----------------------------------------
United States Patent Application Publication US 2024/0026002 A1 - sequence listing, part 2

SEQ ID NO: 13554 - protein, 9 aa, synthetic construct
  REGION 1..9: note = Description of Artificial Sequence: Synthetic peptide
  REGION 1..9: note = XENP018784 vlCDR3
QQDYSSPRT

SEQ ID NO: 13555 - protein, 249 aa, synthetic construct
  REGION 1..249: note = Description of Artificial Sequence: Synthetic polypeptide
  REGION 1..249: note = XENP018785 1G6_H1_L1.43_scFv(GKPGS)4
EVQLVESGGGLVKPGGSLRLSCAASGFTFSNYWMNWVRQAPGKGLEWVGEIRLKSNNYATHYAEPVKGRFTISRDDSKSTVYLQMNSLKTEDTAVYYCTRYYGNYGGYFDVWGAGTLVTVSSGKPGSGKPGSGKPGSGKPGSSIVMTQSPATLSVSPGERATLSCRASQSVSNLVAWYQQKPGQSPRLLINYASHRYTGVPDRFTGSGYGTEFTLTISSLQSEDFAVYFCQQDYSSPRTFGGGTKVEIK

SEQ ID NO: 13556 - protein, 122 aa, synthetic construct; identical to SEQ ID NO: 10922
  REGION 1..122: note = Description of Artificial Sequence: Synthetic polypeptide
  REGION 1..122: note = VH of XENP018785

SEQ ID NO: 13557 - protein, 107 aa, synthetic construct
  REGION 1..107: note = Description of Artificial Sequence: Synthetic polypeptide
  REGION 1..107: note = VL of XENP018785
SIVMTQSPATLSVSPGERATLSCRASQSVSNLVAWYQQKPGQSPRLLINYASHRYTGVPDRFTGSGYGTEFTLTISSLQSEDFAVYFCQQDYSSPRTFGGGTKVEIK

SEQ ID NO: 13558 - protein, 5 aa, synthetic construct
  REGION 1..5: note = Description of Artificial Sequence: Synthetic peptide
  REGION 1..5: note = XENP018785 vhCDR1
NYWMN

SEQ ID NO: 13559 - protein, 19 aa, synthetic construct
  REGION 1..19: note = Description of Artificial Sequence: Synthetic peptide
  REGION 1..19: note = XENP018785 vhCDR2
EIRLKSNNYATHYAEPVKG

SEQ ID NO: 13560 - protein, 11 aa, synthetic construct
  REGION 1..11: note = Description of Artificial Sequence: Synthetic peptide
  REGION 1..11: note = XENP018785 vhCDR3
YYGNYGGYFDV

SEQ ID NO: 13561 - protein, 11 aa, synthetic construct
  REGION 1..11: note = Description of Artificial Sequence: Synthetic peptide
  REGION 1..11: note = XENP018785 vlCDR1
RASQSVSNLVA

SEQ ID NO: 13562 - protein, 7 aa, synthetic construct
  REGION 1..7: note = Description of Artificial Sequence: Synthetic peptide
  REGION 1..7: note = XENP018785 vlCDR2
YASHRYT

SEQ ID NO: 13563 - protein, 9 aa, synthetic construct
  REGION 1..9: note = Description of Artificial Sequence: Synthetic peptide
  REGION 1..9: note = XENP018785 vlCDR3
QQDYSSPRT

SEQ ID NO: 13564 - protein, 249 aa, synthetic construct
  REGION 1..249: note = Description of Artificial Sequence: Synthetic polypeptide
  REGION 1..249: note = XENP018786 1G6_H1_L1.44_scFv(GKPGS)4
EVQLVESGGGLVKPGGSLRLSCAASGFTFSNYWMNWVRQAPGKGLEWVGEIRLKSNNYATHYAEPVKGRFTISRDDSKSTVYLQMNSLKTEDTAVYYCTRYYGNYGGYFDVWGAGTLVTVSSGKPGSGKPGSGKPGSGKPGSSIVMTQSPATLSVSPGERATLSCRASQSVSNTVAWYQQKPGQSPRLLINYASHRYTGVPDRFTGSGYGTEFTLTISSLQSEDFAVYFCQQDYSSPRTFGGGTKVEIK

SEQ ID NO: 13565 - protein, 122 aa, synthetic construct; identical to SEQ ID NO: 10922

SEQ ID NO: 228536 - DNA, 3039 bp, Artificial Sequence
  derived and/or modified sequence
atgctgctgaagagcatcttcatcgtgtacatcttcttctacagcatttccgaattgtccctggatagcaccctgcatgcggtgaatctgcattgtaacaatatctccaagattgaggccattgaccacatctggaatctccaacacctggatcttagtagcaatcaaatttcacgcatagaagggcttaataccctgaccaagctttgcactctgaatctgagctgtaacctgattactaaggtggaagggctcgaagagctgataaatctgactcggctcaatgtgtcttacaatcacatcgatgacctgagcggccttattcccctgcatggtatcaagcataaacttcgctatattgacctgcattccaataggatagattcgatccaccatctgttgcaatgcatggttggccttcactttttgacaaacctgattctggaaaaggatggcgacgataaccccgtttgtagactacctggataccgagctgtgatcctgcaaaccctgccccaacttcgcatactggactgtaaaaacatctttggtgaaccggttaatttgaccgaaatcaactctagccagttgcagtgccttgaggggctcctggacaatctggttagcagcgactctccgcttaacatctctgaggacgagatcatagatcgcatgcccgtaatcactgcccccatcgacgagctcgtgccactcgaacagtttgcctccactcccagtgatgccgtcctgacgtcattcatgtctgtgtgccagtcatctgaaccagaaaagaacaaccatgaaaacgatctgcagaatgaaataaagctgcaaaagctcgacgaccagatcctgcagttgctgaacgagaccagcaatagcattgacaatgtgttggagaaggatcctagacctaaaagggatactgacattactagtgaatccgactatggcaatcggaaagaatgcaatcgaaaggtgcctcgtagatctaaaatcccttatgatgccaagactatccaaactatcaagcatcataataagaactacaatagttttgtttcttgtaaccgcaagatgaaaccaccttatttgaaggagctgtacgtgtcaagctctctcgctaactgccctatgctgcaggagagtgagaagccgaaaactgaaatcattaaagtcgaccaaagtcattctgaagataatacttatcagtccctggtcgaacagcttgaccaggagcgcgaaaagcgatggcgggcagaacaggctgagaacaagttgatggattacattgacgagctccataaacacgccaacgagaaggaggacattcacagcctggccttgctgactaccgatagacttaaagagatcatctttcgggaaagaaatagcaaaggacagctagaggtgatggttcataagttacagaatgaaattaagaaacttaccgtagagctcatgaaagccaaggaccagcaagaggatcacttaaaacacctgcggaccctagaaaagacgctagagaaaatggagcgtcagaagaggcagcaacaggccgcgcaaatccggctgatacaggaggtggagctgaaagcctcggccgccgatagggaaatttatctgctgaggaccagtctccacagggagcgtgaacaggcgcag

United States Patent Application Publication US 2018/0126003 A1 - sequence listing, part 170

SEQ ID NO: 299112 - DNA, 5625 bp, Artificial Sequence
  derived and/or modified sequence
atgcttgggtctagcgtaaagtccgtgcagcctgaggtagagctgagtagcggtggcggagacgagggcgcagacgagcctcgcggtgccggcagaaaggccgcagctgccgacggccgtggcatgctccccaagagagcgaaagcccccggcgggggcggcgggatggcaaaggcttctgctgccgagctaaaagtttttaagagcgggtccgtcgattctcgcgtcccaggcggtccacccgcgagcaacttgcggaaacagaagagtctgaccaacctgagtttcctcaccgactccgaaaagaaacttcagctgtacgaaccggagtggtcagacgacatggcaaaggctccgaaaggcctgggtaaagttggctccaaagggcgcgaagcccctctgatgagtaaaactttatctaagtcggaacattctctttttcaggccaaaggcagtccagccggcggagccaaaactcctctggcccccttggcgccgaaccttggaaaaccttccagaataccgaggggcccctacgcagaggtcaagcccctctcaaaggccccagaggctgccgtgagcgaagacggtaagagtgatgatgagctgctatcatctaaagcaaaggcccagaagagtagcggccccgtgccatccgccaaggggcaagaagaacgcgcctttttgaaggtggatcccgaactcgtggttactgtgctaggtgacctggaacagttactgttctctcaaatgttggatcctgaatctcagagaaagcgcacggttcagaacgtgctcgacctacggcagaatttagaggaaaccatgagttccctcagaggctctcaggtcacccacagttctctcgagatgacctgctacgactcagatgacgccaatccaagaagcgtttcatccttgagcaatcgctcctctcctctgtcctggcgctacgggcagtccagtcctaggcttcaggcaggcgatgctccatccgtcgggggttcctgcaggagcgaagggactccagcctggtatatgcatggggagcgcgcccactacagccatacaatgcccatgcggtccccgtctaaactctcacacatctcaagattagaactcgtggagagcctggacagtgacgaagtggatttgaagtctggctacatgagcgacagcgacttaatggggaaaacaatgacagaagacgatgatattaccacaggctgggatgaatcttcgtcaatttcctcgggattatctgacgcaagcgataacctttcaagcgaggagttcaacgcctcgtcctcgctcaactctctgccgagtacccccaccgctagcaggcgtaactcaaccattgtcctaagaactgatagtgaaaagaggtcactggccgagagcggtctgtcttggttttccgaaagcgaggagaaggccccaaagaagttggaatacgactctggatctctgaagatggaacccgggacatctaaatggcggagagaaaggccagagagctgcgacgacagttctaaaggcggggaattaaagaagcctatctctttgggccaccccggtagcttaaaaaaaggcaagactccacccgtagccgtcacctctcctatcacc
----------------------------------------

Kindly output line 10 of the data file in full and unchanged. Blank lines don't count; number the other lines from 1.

SEQ ID NO: 13556 - protein, 122 aa, synthetic construct; identical to SEQ ID NO: 10922